Friday, July 6, 2007

Not with Us - Bush 03-04-04

Not being with us, is not against us

Mirza A. Beg
Written March, 29th 2003

Birmingham Post-Herald Friday April 4th 2003

The American invasion of Iraq is about two weeks old. All Americans, whether they support the war, oppose the war or are ambivalent, are praying that it would be a very short war, with minimal American and Iraqi casualties, particularly Iraqi civilians. Half of Iraqis are under 15 years old.

The administration was bent on going to war and making short work of Saddam Hussain. Against the better judgement of the soldiers, the administration painted verbal pictures of a cakewalk. Now they are distancing themselves from those rosy scenarios.

Americans are uneasy about the prolongation of the war, suspicious of the UN, miffed at France for not supporting us and incredulous at the strong demonstrations around the world. About 60 to 80 percent of the people in countries around the world including England and Spain are opposed to this war.

We have fallen in the trap of the Bush doctrine, "If you are not with us you are against us". After 9/11 practically the whole world was with us. They sympathized and empathized with us. French President said, "Today we are all Americans". How was this goodwill squandered in 18 months? We are at a loss to understand. We are the good guys. Opposition to the war is mistakenly taken as the support for Saddam Hussain.

We elect our officials on pocket books issues. The motto of Clinton camp in 1992 elections was, "It is the economy stupid". We have been a superpower for more than half a century and for the last decade we are the only super power verging on being a hyper-power. What ever we do affects the world. Therefore our new understanding ought to be, "it is the foreign policy stupid". If we the citizens of a free and democratic country refuse to educate ourselves about the foreign policies of our government, it would come back to haunt us.

The world did not need convincing, it knew that Saddam Hussain is a murderous, evil dictator. He was that in 1980's as well, when we were supporting him against Iran. He was despicable when he gassed Kurds in Halabja. American press condemned him but the silence from our government was deafening. Twenty years is not old history. It has come back to haunt us.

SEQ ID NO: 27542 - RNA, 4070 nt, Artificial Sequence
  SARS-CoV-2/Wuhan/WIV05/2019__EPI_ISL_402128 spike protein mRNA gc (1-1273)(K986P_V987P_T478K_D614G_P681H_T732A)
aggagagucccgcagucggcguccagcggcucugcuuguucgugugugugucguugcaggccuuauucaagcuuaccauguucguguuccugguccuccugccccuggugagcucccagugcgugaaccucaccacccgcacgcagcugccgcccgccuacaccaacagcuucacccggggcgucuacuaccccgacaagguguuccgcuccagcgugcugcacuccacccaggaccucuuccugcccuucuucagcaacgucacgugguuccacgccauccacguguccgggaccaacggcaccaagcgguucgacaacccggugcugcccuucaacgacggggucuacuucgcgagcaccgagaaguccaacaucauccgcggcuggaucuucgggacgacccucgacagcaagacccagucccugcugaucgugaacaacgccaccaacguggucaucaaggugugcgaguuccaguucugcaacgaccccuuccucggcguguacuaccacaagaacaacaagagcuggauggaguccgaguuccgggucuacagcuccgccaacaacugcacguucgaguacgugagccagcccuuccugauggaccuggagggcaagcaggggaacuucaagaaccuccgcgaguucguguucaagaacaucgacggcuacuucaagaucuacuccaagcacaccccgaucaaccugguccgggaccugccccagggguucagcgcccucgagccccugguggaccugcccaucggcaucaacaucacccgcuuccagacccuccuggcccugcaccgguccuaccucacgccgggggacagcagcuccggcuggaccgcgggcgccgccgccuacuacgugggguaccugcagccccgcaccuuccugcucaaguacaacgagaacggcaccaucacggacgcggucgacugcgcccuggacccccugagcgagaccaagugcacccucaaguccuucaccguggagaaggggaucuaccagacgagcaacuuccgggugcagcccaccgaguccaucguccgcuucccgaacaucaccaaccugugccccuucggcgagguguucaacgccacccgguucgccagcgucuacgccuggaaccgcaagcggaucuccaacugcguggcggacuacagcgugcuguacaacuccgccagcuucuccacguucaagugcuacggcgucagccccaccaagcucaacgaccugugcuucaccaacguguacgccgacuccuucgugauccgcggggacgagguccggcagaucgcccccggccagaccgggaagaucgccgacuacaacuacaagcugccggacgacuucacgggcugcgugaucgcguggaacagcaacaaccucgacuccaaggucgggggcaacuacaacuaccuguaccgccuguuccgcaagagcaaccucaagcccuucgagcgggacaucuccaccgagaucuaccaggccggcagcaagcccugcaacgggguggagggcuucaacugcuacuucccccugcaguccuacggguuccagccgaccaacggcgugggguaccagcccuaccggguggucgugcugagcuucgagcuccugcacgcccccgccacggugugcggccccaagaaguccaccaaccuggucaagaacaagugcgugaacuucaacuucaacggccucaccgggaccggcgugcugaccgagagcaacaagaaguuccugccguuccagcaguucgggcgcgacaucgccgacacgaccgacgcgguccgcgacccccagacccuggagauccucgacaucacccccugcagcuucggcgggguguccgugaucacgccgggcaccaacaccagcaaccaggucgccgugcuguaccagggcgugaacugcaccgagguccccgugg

The world also knows that Saddam Hussain "evil and all" is a defeated circumscribed dictator of a third rate power, possibly a regional power. He lies, connives and cheats. America with UN backing had corralled him. He did not even control the whole of Iraq.

The world respects the US for its democratic principles, advocacy of human rights and generally a judicious use of its enormous power. We have been impetuous in the use of its power in the past, but seemed to have learnt to temper it with grace that comes with maturity. Other small powers may lie and connive for momentary gains, the world can and does often ignore it, but the only super power is held and should be held to a higher standard.

The administration tried hard to link Saddam Hussain with Bin Laden and the attacks on 9/11, but failed. Even the CIA shied away from such allegation. Administration claimed to have proof of Iraq manufacturing weapons of mass destruction but refuse to give it to the weapons inspectors. After a while we could not sustain this stand based on weak arguments, so we provided what we said were the evidence.

The documents showing purchase of Uranium from Niger by Iraq were proven to be forgery. The State department lamely blamed unknown others for the forgery. The facilities in Iraq, we identified as being used for the production of such weapons were proven to be false. One of the buildings was in the Northern "no fly zone" that we could have bombed during our routine bombing runs but inexplicably did not.

The people Mr. Bush has surrounded himself seem to believe and have alluded to in different forums, that our role as the super power should be to engender fear to be respected. It is contrary to the principles that this nation was founded on and contrary to the principles that were written in the UN charter by us. Ours is the most open and free society ever established. Americans are the most outgoing and open people, but in the labyrinths of the corridors of power this great concept gets twisted, disfigured and convoluted.

The world knows that Saddam Hussain is evil and condemns him and the US victory over Saddam Hussain is only a matter of time, but is jarred by the way Bush has bamboozled the UN.

The world is concerned that from this victory the administration would learn the wrong lesson and would become more cavalier in its attitude towards other small nations. Remember the contrived axis of evil of countries that had nothing in common except that we did not like their system and some body convinced Bush that it sounds good. The administration does not mention it any more. But the world would not soon forget.

We hope that those who are opposed to war fearing thousands of casualties are proven wrong and this war ends swiftly with minimal destruction of life and dignity. We also pray that Saddam Hussain does not have the weapons of mass destruction to use on our troops and those Iraqi civilians that are caught in the middle. Above all let us hope that this administration does not learn the wrong lesson from this pyrrhic victory and learns the grace and restraint that a great power should have. To paraphrase Theodore Roosevelt, we have the biggest stick ever; we need to learn to speak softly, truthfully and with justice.

Mirza A. Beg may be contacted at

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